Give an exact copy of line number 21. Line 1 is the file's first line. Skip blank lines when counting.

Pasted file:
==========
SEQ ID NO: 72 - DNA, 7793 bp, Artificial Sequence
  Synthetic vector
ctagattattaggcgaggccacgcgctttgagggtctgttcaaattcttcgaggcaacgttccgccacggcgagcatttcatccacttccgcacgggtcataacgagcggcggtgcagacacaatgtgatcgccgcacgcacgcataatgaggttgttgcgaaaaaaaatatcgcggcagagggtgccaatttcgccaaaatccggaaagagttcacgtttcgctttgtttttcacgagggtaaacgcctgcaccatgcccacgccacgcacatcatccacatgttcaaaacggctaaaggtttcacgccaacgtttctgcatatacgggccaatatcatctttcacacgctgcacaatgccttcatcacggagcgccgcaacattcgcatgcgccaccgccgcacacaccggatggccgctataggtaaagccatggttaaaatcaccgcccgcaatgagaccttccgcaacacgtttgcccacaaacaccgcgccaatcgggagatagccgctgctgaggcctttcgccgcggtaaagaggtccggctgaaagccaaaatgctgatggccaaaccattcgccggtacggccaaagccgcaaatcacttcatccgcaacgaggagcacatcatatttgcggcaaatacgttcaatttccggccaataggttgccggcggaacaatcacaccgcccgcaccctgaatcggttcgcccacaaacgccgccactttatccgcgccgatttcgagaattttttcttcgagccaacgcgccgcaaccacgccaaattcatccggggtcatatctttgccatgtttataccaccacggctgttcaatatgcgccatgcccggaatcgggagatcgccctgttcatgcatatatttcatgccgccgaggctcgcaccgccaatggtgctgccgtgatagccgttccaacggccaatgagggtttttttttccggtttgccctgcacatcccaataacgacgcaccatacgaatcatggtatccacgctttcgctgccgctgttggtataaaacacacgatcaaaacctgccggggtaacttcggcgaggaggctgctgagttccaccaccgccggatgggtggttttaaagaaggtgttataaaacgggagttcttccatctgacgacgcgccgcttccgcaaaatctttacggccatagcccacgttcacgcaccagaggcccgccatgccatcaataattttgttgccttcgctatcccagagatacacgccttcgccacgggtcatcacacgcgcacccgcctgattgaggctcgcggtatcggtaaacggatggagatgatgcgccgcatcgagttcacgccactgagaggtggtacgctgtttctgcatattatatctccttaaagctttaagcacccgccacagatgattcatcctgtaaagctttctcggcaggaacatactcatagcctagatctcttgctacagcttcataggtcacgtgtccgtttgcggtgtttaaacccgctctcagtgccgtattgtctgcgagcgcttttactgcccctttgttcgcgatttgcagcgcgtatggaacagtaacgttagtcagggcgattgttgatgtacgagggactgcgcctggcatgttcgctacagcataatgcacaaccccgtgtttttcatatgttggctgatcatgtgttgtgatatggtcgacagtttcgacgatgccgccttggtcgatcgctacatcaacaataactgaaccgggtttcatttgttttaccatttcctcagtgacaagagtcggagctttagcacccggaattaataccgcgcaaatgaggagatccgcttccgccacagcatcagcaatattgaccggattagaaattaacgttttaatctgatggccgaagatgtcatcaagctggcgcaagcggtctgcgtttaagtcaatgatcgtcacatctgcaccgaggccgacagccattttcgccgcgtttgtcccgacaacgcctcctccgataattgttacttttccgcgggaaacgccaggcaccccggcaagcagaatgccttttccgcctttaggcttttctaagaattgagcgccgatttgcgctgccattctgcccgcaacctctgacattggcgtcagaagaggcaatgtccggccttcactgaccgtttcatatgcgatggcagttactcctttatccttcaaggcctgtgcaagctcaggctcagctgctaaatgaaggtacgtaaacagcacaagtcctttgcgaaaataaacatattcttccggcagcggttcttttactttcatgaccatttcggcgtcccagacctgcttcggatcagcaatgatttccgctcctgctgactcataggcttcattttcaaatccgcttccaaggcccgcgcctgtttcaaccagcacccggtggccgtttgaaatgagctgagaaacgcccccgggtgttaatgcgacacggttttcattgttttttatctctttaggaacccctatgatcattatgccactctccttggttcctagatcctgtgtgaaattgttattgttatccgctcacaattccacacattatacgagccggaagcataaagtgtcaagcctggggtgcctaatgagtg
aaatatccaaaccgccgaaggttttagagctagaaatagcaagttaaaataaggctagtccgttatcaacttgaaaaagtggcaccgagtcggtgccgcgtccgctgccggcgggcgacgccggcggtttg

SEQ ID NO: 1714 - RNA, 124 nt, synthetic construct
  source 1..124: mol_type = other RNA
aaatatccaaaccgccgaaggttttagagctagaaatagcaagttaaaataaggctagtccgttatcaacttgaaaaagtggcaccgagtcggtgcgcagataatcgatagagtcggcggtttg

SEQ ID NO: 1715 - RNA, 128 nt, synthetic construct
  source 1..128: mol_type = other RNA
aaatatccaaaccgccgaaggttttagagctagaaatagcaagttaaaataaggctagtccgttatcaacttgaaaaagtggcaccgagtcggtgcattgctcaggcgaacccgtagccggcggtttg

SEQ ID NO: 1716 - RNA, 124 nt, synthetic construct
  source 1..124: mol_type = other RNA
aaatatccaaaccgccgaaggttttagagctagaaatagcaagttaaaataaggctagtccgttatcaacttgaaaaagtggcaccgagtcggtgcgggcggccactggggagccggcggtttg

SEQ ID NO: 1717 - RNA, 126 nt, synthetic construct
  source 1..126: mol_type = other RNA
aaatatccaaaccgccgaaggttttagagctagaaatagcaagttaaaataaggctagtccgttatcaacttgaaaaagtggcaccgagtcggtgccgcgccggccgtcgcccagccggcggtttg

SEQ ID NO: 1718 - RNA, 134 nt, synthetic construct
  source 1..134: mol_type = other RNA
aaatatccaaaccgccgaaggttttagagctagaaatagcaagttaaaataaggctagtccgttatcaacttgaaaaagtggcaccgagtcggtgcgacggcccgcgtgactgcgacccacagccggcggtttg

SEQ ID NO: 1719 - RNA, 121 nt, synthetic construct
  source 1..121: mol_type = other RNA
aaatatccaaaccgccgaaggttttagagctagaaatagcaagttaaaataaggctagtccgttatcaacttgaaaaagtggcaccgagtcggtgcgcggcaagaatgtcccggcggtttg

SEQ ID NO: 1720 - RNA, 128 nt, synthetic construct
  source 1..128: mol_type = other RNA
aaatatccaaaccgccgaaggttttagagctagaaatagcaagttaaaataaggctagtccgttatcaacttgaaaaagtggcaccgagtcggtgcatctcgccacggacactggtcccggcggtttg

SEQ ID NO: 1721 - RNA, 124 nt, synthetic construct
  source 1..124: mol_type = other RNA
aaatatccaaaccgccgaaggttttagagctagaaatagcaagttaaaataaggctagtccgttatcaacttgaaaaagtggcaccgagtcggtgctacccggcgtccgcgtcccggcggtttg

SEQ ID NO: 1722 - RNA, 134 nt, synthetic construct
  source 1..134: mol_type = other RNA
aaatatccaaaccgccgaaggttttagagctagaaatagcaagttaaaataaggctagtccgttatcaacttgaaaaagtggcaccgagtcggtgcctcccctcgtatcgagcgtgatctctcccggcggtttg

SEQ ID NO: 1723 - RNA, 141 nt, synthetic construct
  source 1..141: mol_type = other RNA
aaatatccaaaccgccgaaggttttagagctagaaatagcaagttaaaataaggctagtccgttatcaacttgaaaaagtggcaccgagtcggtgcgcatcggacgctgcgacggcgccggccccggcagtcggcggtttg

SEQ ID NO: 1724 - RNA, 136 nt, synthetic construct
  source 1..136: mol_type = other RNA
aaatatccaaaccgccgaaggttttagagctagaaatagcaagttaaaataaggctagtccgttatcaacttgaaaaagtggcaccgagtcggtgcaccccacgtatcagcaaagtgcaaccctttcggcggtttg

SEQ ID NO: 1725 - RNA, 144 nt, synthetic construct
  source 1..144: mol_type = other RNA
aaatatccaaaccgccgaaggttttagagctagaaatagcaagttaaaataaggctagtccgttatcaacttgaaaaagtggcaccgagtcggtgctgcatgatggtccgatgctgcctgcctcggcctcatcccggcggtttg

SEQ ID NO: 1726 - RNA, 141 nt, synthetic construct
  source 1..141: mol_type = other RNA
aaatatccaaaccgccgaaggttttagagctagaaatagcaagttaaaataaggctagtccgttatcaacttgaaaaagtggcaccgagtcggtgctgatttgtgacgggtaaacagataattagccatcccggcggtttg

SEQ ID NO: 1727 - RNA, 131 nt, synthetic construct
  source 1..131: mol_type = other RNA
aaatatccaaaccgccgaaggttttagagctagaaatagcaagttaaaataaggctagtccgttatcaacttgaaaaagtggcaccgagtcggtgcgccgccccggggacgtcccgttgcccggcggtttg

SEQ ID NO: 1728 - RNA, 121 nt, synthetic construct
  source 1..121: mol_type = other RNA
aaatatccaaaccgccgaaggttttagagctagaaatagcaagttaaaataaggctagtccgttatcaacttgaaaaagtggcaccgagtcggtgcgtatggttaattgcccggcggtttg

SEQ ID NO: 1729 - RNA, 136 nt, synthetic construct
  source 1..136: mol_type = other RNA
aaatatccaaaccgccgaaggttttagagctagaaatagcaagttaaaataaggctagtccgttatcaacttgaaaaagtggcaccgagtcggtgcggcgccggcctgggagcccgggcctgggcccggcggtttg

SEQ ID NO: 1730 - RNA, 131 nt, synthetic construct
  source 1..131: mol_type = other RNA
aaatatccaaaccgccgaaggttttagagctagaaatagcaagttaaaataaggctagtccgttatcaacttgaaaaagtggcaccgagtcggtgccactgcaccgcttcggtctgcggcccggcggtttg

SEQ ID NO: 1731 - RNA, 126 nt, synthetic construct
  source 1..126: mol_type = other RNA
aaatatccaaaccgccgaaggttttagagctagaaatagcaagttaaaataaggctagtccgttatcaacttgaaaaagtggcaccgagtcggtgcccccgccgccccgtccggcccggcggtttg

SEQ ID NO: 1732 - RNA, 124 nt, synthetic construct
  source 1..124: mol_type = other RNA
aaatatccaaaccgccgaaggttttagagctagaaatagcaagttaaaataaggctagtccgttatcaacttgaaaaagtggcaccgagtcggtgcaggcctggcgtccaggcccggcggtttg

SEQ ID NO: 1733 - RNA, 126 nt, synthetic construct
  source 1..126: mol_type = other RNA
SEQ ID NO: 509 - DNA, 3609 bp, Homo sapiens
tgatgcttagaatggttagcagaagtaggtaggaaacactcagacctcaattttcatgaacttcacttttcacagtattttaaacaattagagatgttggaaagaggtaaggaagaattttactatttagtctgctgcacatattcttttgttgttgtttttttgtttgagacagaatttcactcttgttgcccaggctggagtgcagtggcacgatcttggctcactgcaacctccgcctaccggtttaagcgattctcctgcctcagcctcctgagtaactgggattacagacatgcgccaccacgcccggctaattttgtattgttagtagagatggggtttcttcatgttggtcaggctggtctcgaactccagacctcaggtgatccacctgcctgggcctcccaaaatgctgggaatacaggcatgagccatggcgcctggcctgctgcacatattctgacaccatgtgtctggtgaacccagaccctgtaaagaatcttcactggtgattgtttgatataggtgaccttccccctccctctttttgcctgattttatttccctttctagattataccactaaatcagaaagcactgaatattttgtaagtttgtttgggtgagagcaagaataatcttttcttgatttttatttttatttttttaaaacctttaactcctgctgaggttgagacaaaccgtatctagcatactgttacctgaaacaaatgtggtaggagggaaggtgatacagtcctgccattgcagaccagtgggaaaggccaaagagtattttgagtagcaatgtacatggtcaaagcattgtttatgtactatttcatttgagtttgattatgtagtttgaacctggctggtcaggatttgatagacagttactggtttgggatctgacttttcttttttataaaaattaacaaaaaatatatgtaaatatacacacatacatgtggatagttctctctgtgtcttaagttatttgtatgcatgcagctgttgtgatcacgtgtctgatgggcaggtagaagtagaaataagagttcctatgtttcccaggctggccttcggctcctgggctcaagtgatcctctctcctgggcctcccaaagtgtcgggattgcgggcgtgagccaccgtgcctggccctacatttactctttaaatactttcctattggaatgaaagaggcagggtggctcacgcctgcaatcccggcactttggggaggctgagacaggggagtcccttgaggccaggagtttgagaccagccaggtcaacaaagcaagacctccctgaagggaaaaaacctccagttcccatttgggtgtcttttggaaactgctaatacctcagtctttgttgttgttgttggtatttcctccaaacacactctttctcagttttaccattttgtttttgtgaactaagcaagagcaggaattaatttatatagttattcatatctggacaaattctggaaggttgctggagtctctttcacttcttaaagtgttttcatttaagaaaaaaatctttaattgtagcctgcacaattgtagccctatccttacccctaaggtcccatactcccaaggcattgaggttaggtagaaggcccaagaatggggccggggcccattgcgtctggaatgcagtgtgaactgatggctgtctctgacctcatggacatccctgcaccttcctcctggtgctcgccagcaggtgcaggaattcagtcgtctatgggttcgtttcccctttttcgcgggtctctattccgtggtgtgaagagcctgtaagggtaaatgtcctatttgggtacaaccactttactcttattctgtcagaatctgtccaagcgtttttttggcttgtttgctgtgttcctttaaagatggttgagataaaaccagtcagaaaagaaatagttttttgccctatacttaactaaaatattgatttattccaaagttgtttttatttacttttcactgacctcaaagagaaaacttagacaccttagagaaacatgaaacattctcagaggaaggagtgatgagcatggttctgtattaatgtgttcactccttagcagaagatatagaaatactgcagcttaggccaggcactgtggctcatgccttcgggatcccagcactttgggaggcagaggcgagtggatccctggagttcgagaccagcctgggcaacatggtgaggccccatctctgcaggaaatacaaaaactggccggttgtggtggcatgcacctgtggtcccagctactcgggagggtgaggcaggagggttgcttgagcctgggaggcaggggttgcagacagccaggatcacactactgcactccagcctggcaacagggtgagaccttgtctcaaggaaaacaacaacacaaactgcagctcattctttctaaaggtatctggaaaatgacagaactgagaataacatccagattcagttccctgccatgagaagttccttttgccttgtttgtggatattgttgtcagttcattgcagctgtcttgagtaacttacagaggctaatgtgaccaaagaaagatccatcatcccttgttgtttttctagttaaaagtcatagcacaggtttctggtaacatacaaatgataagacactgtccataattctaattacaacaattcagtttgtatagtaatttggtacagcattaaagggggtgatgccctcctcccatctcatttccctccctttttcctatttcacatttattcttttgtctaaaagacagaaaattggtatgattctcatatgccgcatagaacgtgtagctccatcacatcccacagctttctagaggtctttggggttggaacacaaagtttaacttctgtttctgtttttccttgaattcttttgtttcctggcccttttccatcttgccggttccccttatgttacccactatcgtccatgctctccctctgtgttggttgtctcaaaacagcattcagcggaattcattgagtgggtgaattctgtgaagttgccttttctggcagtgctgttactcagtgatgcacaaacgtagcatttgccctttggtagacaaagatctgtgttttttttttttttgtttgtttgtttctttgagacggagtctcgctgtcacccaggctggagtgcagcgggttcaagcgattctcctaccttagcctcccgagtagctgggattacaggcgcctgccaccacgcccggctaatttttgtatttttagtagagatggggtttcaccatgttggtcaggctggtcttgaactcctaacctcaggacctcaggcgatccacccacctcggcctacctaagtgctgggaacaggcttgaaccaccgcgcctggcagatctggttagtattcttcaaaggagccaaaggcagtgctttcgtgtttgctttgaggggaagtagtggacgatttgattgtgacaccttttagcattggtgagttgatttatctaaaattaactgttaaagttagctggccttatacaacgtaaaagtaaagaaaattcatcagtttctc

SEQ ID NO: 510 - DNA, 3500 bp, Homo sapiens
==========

  source 1..121: mol_type = other RNA